Friday, August 15, 2014

Solved: Unable to open file 'FIREDAC.STAN.FACTORY.OBJ'

Today, I kept getting this error in Embarcadero C++ Builder XE6 when trying to compile a pretty large project:
[ilink32 Error] Fatal: Unable to open file 'FIREDAC.STAN.FACTORY.OBJ'
My project referred to a library that had FireDAC components, though I wasn't using any of them. My project uses DBX, not FireDAC, and VCL instead of FMX.

FireDAC.lib was in the project includes in my .cbproj file, so I had no idea what was wrong.

I finally found a fix: drop a FireDAC component (I used FDConnection) on a form. Save all, compile, and it worked. Then, I just deleted the FDConnection from the form and I was good to go.

Wednesday, July 16, 2014

Changing Fire Monkey (FMX) TextSettings at Run Time

One of my beefs with Embarcadero's C++ Builder is that it is so hard to find decent documentation or tutorials on how to do even the simplest things with their visual tools. This is especially true if you're developing in C++ instead of Delphi.

I experienced a pretty steep learning curve with Embarcadero's Visual Class Library (VCL) -- not because it is especially complicated, but because I couldn't find much good documentation for it.

Right now, I am building an FMX application, which is similar in a lot of ways to VCL. However, one thing has changed a lot: the styles are now driven by stylesheets.

For example, in VCL, it was relatively easy to change the font attributes of dynamically created elements at run time. Not so with FMX.

After several hours of fruitless googling, I still haven't figured out how to change my StyleLookup for a dynamically created TEdit. My custom style works fine for controls created at design time, but I'm apparently missing something from the picture.

After some trial and error, I did manage to come up with a solution that pretty closely replicates how text formatting worked in VCL. This obviously isn't ideal, but at this point, I will take what I can get and be happy to move on. The trick is to turn off the FontColor in your object's StyledSettings.

//Make ValueLabel to display output
TLabel * ValueLabel = new TLabel( this );
ValueLabel->Parent = VerifyMappingsScrollBox;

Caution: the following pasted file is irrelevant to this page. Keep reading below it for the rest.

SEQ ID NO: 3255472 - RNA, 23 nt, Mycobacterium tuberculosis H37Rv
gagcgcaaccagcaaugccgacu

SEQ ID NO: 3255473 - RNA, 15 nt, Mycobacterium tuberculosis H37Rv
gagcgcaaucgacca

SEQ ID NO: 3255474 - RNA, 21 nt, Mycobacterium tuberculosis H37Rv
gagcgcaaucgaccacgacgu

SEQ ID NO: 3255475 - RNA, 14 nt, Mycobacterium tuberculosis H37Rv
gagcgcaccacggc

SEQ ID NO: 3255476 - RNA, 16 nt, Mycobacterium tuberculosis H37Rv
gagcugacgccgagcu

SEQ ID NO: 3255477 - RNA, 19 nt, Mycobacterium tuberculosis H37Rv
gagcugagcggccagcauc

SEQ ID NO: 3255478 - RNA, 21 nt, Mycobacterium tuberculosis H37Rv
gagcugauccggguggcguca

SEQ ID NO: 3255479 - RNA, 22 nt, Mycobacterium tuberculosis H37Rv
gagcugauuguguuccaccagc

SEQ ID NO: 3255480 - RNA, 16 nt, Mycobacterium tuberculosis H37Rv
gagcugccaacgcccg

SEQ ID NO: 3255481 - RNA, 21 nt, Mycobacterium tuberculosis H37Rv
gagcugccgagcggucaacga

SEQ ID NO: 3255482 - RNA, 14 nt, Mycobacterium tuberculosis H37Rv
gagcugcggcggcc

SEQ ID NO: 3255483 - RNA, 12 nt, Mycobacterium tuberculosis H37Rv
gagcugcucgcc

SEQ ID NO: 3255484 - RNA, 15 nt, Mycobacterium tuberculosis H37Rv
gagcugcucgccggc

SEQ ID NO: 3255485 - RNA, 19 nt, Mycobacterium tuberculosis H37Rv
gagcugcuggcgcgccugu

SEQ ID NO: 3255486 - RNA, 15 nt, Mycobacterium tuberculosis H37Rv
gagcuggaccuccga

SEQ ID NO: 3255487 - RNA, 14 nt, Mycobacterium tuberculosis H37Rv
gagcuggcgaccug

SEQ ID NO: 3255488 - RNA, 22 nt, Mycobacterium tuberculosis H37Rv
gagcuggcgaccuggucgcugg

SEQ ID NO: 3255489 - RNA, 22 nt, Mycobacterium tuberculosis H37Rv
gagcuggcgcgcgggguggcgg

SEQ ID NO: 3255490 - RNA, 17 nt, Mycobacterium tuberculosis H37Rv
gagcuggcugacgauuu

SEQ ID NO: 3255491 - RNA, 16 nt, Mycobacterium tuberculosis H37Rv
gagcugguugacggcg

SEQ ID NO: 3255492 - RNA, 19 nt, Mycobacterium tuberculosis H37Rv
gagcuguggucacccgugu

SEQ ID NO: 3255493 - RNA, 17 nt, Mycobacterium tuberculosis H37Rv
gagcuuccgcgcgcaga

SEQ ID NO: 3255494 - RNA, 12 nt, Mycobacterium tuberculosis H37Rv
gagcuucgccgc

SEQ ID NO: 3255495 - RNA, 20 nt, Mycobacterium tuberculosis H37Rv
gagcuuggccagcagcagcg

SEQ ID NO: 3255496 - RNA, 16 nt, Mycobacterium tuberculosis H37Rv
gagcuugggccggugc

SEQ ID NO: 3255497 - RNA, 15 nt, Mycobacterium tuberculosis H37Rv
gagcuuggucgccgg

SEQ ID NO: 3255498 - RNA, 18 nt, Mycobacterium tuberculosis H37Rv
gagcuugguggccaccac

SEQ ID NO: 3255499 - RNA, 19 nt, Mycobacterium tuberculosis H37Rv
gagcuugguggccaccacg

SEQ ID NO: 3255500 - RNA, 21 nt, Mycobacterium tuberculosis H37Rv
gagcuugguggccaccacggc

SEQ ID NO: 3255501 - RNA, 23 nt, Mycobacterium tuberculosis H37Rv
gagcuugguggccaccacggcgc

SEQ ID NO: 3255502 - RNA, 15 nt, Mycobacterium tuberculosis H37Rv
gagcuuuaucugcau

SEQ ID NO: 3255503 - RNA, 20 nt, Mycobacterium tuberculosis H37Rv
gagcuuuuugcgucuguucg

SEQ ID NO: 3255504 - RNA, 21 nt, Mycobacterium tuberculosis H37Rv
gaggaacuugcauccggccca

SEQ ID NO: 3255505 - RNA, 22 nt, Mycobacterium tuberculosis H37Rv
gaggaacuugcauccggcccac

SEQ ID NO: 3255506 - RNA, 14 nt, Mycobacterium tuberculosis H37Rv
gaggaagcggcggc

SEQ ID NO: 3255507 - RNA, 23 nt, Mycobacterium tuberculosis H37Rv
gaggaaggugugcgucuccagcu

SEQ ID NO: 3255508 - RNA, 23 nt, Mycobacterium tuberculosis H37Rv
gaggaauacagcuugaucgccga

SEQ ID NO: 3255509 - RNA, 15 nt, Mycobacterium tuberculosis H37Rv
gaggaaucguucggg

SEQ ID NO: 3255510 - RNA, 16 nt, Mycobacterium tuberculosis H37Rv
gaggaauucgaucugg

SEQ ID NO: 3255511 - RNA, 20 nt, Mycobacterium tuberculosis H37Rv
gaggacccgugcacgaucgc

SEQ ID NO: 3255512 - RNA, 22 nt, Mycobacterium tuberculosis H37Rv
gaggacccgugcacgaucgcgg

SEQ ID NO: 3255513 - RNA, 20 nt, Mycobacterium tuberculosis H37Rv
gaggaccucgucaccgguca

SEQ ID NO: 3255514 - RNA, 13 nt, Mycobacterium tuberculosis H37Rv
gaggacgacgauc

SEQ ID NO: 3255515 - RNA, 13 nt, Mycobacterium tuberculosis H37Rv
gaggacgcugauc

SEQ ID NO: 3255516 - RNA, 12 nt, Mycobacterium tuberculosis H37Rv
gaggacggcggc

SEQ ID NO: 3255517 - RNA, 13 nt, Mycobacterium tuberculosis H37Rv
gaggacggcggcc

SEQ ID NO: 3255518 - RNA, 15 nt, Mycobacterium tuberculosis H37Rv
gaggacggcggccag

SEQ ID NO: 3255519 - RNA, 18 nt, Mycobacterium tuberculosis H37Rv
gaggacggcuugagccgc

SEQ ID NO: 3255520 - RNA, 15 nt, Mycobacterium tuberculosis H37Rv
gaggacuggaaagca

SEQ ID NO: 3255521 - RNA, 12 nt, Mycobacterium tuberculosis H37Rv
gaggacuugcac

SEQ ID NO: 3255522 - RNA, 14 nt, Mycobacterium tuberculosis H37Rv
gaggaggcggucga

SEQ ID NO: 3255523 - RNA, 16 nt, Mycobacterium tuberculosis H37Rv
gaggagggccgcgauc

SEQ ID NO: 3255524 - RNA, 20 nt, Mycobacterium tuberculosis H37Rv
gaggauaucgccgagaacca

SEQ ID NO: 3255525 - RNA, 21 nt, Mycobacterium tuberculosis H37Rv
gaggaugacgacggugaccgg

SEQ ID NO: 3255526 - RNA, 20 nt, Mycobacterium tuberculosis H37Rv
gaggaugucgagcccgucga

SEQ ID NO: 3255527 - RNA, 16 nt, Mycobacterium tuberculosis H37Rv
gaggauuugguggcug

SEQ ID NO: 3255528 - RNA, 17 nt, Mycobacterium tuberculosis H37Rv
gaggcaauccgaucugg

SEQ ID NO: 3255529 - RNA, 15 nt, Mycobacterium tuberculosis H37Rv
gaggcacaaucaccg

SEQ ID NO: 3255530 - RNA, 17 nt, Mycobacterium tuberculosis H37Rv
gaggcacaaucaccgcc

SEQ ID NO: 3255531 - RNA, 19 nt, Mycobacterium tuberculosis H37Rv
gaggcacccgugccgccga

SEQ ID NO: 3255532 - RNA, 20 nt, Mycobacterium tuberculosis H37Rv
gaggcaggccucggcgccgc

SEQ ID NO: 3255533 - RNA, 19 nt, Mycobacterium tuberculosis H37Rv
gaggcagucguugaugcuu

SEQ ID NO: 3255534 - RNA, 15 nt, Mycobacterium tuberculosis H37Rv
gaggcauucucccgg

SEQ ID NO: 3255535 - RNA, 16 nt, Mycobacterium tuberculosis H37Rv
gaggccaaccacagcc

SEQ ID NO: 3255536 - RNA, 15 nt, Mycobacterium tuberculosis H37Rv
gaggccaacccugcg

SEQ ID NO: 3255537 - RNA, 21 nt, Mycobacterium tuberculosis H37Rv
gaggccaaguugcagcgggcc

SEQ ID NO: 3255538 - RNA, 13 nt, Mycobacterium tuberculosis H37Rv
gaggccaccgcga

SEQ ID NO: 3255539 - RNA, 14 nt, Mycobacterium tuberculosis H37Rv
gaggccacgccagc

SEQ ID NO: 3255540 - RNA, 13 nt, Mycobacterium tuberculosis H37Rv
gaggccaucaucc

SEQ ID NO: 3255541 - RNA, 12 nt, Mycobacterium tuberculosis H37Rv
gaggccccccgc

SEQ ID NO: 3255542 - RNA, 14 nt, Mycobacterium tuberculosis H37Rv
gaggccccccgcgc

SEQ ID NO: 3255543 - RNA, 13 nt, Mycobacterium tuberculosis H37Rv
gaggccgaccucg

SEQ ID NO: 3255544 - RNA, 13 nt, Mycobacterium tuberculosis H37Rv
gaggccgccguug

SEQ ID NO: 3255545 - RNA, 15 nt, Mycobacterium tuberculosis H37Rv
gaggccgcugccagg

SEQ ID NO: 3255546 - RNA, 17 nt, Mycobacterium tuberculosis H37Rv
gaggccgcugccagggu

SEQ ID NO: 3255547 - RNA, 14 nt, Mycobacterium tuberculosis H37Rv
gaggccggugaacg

ValueLabel->Position->X = ValueLabelLeft;
ValueLabel->Position->Y = LabelTop;
ValueLabel->Width = ValueLabelWidth;
if ( OutputValue.Length() == 0 )
//Turn it light gray if empty
  ValueLabel->StyledSettings = ValueLabel->StyledSettings >> TStyledSetting::FontColor;
  ValueLabel->TextSettings->FontColor = claLightgray;
  ValueLabel->Text = "Empty";
  ValueLabel->Text = OutputValue;

So far, I'm not too impressed with the FMX framework. It does some cool things, but some elements are so buggy and counter-intuitive that it's easy to see why no one is making new documentation or tutorials for it. Which is a bummer for those of us who are obligated to use it for the foreseeable future.

Tuesday, May 13, 2014

Valid NPI Number Generator

If you're in the health care industry, you might be familiar with the term National Provider Identifier (NPI). This is a number used to identify medical providers in many various systems, including the SureScripts network.

The thing about NPIs is that you can't just throw any 10 digits together, as you can for many dummy data elements (such as SSNs).

Here's a handy piece of JavaScript for helping you to generate the appropriate check digit for your NPIs. Just another reminder that other people have probably already solved most of the problems I encounter. :-)

Wednesday, May 7, 2014

JavaScript Odometer Image Generator for Blogger

I looked around a LOT for a simple web app that would allow me to generate an odometer based on simple numeric inputs. Since I didn't find any, I decided to be like the Little Red Hen and make one myself.

It's not very fancy and doesn't have a nice UI or anything, but it gets the job done. If you have a Blogger blog, you can paste this into an HTML / JavaScript gadget and just change the variables in the "mileage" array to change the numbers that display. 

Here is the javascript I used to accomplish this:
<div id="odometer"></div>

//enter additional mileage in this array:
  var mileage = [ 136, // 04/05/2014
77.5, // 04/12/2014
259, // 05/03/2014
0 ];
var miles = 0;

while (mileage.length > 0)
miles += mileage.pop();

var totalmiles = miles;

    //handle weird floating point issue   
    totalmiles = Math.round( ( totalmiles + 0.00001 ) *       10 ) / 10; 
miles *= 10;

var digits = [];
var divby = 1000000;
var dig = 0;

while (divby >= 1)
dig = Math.floor(miles/divby);
miles %= divby;
divby /= 10;

var bdigits = [ "",

var wdigits = [ "",

var borderimg = "";

var outputHtml = "<img height = '32' title = '" + totalmiles + " miles' src = '" + borderimg + "'/ >";